Welcome

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About the Union / Blogroll

The Union of Concerned Researchers in Fashion (UCRF) was formed in 2018 by Kate Fletcher, Lynda Grose, Timo Rissanen and Mathilda Tham (in alphabetical order).

The formation of the Union was brought about by the realization that over the last thirty years sustainability in fashion has been an industry-led movement and as such, has been constantly framed within business, without asking questions about the nature of business itself.

We recognized that this has severely narrowed approaches to fashion and sustainability, has widened the divide between commerce and the capacities of nature to support commercial activity and has resulted in more, not less, degradation of clothing makers and the earth. 

We questioned if business was truly capable of making the changes necessary to transform the industry and saw a need to steer a smarter better debate about fashion and sustainability.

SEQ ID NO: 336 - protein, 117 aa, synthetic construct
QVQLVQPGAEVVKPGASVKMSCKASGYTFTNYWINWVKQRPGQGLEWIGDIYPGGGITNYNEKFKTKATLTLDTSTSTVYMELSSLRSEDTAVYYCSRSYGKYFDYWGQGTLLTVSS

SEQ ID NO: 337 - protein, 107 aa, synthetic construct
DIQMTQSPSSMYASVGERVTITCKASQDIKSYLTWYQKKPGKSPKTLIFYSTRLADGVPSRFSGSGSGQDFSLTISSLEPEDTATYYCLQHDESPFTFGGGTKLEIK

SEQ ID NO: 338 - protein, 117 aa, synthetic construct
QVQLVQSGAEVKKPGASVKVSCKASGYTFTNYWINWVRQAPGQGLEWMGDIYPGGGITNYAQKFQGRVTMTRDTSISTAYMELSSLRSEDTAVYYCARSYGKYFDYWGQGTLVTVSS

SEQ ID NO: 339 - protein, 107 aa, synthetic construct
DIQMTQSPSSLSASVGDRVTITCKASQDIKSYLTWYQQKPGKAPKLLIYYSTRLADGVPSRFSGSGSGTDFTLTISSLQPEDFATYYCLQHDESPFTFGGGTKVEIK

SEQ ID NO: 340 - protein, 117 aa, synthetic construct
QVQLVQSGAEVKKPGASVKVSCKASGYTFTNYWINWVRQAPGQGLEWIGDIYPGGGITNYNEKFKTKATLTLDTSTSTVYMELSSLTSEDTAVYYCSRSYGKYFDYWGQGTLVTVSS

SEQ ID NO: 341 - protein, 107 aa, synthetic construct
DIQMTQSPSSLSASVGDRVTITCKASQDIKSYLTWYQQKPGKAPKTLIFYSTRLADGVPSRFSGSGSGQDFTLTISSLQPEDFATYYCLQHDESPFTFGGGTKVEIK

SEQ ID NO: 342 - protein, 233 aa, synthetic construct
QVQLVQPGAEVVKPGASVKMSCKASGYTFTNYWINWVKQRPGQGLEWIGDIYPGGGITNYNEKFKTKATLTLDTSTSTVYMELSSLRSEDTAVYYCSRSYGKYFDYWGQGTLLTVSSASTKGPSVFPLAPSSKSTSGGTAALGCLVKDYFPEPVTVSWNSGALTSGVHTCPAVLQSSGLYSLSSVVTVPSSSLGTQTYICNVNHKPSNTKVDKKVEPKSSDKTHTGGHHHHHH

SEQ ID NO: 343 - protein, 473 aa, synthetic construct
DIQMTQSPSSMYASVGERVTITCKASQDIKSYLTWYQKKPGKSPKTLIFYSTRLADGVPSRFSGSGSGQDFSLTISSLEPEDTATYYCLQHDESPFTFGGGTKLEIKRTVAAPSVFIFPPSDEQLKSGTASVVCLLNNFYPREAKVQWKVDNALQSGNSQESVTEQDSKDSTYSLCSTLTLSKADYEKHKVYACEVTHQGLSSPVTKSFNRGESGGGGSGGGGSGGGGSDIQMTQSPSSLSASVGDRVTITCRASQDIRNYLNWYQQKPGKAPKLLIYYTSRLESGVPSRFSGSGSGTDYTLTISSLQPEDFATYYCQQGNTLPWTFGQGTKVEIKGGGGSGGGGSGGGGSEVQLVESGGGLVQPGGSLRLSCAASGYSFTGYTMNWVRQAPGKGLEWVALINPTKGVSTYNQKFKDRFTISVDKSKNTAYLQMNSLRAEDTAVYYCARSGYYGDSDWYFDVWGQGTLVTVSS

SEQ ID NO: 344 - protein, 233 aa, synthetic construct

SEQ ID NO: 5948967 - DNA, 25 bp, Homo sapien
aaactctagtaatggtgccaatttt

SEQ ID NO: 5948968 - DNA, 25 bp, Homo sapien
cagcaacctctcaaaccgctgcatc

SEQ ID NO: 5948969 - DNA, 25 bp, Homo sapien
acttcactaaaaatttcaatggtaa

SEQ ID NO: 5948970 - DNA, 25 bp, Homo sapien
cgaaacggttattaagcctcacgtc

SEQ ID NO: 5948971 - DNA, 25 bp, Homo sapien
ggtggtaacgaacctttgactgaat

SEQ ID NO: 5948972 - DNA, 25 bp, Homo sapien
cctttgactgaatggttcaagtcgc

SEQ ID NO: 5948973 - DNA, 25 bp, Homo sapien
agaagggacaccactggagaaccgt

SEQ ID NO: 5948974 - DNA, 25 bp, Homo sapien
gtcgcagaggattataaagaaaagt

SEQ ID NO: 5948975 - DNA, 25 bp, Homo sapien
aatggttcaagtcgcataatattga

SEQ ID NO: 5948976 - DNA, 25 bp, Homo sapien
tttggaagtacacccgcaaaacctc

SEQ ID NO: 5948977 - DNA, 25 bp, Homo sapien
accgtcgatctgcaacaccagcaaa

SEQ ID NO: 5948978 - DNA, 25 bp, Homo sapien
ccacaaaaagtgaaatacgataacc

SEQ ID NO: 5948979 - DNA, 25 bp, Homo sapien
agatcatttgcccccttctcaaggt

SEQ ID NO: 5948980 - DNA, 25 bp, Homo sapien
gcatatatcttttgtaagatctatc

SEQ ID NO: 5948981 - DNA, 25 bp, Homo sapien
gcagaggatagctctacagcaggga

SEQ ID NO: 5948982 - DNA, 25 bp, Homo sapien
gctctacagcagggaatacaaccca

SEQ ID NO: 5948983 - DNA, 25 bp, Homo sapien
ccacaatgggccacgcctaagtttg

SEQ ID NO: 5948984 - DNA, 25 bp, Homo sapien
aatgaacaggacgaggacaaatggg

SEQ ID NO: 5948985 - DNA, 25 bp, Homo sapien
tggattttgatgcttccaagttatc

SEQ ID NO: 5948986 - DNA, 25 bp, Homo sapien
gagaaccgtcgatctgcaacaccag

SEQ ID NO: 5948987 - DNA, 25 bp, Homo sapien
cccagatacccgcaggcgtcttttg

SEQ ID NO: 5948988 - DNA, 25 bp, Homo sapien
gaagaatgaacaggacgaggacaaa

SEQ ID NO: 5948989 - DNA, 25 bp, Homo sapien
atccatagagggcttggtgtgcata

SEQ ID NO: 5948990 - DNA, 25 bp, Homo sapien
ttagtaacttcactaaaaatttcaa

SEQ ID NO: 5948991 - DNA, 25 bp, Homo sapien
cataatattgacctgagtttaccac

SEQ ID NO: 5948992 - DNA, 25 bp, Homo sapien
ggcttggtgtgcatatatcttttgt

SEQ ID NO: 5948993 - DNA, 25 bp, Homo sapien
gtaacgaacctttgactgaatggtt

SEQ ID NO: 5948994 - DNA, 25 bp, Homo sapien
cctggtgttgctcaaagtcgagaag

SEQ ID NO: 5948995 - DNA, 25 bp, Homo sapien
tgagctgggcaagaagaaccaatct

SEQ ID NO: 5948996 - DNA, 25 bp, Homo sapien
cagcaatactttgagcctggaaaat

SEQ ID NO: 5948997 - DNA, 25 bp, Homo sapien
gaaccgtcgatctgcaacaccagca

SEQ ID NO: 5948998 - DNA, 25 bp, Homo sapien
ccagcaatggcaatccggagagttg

We also recognized that researchers’ tradition of: seeking out truth; critical discourse; full disclosure; ontological thought, was desperately needed, and that researchers were better equipped to hold trust for the common good and the sector more broadly (of which the industry is one part).

We aim to provide language, action and modes of working that are precise in their critical identification of issues  and open ended in their responses, rather than muted by corporate risk analysis and closed to all but that which is actionable within the current sector.

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Update from the glossary working group

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Activities